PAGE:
Adventurer II skipper Robert "Baldy" Baldwin is ready to give up on his Whanganui riverboat venture - but, at 62, plans to start a new one elsewhere on the river.

A former champion canoeist and long-time "river rat", Baldwin built the $400,000, 19.5m Adventurer II and launched it in 2010. He wanted to run trips in the middle reaches of the Whanganui River, between Whakahoro and Pipiriki.

Now he's ready to walk away from the boat, saying his business partners and Whanganui District Council have not been supportive.

"It's heart wrenching. I really can't put into words how I feel about it. The only way I can get out of it is to get back on the river in another boat," he said.


The Adventurer II could end up sunk at its mooring, as the Waimarie did before it was resurrected in 2000.

Baldwin Adventure Tours was registered in 2009 and has two directors, Robert "Baldy" Baldwin and Terrence (Bob) Harris. Both are shareholders. The third shareholder is Joseph "Jos" Ebben.

The riverboat Adventurer II hasn't been out much for the last few years. Photo / Bevan Conley.
The riverboat Adventurer II hasn't been out much for the last few years. Photo / Bevan Conley.

Harris got involved to boost Whanganui tourism, he said, but it didn't work out for him.

He didn't want to comment further. He has applied to the High Court to liquidate the company.

The matter will be heard on October 30, in Whanganui. If the court agrees, a liquidator will be appointed to call in assets and pay out any creditors, then wind the company up.

There are no creditors, Baldwin says. He doesn't know what will happen to the boat he sold his house and worked 12 hours a day and seven days a week for six months to build.

His dream of renewed Whanganui River tourism has had a few ups and a lot of downs.

In June 2010, when the river was high, he made the first round trip from Whanganui to Taumarunui in 82 years in the shallow draught diesel-powered boat.


He made a second one, "on the spur of the moment" after Sir Archie Taiaroa died.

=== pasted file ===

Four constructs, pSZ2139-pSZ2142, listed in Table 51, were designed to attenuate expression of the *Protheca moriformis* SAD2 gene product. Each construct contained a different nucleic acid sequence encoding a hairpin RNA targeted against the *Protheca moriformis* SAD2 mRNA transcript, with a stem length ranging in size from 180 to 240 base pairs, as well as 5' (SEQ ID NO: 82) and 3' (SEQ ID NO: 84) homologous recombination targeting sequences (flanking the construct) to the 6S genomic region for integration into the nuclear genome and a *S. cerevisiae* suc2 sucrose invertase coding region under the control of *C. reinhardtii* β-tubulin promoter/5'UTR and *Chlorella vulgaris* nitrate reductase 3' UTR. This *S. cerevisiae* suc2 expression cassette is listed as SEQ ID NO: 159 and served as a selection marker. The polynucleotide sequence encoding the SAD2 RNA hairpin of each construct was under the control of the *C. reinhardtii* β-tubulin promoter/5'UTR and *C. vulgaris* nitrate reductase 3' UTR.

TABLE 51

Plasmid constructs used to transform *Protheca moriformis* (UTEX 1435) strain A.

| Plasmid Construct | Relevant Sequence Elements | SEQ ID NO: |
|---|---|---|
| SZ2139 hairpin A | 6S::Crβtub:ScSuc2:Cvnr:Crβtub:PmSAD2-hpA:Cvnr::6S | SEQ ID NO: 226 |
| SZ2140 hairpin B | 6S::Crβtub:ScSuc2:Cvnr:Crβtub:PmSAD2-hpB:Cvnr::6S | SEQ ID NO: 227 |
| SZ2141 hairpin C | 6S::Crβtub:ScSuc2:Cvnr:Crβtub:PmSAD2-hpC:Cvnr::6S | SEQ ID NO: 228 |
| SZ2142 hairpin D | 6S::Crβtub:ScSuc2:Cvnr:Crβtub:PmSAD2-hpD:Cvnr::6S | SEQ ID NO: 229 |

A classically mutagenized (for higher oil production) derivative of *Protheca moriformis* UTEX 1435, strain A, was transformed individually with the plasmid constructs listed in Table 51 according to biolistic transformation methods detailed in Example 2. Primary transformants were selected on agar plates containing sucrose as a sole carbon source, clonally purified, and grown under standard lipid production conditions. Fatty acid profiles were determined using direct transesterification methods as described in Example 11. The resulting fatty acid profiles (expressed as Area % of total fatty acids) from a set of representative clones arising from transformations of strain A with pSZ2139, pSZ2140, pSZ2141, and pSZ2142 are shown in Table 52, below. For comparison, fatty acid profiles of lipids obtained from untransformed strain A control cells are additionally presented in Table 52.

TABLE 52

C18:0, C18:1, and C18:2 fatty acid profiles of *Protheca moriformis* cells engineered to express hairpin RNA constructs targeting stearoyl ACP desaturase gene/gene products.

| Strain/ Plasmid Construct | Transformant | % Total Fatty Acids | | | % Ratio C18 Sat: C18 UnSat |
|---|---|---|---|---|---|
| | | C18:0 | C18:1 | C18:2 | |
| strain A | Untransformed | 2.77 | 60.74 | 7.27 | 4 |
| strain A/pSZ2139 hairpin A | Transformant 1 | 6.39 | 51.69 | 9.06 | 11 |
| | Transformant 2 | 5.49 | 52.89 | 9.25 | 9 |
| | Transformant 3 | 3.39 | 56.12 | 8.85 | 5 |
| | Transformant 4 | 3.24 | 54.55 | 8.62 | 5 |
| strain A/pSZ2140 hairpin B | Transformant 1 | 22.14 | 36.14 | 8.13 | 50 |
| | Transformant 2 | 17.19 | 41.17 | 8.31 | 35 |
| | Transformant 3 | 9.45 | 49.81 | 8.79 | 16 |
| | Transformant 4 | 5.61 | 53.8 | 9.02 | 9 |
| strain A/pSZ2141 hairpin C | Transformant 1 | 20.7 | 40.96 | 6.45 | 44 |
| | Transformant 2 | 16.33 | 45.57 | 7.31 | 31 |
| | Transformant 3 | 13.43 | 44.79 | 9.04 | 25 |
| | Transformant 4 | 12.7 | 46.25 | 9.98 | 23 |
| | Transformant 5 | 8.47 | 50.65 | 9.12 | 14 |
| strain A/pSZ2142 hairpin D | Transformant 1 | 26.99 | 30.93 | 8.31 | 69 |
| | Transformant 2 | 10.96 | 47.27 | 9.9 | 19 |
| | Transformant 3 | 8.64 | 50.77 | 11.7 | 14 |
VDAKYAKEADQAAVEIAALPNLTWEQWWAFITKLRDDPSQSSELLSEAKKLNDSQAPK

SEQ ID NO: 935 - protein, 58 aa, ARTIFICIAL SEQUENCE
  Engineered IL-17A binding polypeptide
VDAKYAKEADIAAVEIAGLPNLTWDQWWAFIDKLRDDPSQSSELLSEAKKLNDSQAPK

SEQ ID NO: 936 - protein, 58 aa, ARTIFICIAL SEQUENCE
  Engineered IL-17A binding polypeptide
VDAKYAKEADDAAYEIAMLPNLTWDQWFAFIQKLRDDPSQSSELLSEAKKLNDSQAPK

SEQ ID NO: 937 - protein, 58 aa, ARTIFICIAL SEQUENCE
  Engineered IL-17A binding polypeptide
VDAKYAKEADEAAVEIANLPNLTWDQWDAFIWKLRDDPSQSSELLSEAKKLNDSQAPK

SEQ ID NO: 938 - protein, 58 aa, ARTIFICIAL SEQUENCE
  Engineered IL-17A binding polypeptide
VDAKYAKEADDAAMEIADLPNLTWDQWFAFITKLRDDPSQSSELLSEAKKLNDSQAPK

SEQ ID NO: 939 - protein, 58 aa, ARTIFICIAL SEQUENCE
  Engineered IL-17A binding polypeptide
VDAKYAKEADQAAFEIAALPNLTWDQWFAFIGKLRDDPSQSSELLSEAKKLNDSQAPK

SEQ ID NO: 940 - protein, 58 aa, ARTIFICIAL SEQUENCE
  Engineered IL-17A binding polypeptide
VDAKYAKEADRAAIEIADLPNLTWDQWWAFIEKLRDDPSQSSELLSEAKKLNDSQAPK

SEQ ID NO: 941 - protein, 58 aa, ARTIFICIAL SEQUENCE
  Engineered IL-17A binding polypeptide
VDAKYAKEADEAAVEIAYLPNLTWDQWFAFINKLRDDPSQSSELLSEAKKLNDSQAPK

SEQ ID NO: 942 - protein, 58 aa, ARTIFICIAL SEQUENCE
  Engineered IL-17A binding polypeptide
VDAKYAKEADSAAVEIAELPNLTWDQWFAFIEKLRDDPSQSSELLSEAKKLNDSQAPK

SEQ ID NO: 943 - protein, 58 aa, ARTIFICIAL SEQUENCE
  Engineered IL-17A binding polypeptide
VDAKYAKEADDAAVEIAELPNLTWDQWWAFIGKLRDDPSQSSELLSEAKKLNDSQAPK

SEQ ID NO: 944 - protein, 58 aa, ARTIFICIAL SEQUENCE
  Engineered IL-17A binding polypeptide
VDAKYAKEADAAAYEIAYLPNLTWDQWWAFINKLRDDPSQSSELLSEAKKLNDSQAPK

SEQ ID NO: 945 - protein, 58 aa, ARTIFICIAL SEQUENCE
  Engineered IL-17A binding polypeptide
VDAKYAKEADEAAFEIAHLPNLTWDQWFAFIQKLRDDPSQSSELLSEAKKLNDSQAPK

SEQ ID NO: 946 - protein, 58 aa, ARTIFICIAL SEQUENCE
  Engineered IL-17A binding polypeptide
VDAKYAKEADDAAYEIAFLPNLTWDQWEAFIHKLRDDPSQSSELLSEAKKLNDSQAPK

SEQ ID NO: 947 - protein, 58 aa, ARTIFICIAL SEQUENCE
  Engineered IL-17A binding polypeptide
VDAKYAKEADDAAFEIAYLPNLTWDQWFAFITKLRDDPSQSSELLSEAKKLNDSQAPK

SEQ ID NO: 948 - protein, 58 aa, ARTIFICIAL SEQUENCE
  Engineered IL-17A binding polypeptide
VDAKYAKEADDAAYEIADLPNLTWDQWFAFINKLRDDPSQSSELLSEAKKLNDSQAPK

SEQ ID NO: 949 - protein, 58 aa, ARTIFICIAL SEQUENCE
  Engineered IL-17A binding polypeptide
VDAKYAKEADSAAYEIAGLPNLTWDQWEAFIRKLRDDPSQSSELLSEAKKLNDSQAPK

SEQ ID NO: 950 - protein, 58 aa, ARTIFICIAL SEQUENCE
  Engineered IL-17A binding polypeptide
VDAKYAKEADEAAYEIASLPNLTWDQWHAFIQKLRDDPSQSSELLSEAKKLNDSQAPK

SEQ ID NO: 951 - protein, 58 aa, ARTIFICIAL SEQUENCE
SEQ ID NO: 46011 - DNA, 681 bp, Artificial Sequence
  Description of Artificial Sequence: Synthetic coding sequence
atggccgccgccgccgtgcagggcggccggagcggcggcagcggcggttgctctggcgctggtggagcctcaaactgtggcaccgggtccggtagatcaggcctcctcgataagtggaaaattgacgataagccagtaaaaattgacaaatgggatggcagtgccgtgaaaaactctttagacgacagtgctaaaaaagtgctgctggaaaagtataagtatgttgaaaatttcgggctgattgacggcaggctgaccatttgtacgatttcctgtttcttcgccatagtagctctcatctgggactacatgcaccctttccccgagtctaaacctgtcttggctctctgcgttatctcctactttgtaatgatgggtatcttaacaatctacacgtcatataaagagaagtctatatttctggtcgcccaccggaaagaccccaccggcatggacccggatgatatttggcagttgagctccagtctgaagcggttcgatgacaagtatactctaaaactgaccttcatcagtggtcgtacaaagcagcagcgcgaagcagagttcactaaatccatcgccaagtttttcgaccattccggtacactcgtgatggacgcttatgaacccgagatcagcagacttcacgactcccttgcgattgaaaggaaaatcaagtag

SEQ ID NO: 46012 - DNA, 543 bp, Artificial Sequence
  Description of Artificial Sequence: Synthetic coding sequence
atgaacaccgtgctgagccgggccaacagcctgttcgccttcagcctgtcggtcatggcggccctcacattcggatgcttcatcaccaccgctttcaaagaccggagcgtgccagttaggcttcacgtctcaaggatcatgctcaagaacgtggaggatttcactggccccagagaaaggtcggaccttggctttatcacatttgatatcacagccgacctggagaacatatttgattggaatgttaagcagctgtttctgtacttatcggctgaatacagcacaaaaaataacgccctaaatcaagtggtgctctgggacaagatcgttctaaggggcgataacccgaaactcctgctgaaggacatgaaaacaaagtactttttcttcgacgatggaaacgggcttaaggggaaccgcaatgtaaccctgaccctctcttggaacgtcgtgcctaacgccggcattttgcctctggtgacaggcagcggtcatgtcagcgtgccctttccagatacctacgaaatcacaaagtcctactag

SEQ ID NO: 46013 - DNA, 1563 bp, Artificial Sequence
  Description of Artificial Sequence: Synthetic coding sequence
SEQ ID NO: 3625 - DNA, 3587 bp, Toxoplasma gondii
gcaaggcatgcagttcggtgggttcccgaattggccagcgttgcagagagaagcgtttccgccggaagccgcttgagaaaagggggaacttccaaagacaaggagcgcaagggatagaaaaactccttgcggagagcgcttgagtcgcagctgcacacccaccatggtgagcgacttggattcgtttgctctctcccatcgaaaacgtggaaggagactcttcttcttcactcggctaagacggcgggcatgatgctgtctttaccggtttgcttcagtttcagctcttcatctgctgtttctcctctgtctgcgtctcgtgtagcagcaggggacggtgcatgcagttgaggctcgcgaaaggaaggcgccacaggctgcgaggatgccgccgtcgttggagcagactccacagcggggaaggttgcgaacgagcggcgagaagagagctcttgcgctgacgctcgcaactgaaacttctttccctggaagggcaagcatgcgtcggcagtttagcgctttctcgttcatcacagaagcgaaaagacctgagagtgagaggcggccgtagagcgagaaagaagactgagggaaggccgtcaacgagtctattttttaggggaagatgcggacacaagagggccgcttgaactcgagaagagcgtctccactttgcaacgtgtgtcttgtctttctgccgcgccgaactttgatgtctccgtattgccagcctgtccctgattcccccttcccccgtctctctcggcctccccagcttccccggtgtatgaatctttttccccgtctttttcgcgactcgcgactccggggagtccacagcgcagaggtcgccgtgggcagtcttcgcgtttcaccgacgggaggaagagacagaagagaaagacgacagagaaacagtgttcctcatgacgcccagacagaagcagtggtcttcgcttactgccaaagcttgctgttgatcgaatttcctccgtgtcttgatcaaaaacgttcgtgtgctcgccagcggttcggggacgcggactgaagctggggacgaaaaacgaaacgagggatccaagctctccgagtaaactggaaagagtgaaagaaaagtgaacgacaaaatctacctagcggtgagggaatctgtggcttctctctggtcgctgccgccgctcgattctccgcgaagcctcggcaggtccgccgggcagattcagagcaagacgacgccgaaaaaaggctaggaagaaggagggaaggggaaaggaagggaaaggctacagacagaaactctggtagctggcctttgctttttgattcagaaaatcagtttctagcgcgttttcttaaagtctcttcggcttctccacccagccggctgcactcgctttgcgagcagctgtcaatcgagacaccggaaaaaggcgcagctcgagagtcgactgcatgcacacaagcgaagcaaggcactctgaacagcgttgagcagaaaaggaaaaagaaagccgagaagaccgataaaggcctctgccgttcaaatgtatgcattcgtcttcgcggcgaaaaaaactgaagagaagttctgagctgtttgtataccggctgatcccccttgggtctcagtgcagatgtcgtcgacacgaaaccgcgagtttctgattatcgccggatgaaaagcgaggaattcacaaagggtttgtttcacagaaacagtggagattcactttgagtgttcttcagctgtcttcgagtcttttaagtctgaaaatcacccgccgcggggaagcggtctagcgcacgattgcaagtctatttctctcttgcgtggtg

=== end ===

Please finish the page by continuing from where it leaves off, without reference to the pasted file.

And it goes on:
There have surely been adventures - navigating rapids by torch light, spending the night in the moored boat during a river flood, and rescuing passengers from the stricken Waimarie paddle steamer in 2015.

Often the river is too low for the boat to work the upper reaches, and the bookings haven't rolled in as Baldwin hoped. In the lower reaches there are two competing boats, the Wairua and Waimarie.

There has also been opposition, too.

Jetboat operators haven't wanted him to clear logs that would let the boat through rapids.

And one night in 2010 in Aramoho a group of gang members arrived to torch His beloved vessel - but left when Baldwin released two rottweilers.

It was all pretty stressful and Baldwin had a major stroke late that year.

He battled for years to regain His strength and managed to get his skipper certificate back in July 2014.

His boat has been repeatedly vandalised, mooring costs are expensive and Whanganui District Council wanted to charge him $20,000 after the Adventurer II was pushed under the river boardwalk, damaging it, in 2016.

It didn't in the end, Baldwin says, because he was honouring his side of a bargain.

"Personally, I haven't had an honest and fair deal in Whanganui. The council haven't done anything to help. My business partners are unhappy, and they haven't been very supportive," he said.

For the past few years the Adventurer hasn't been out much. Now it needs a survey, and money spent on it.

Baldwin was ready to completely give up on river navigation, but couldn't.

"The river sort of eats away at you. In the end I can't give it away. It's who I am," he said.

He's planning to take his dream elsewhere on the river, and operate on his own. He's been negotiating for another boat. If he doesn't get it, he says he'll build a new one.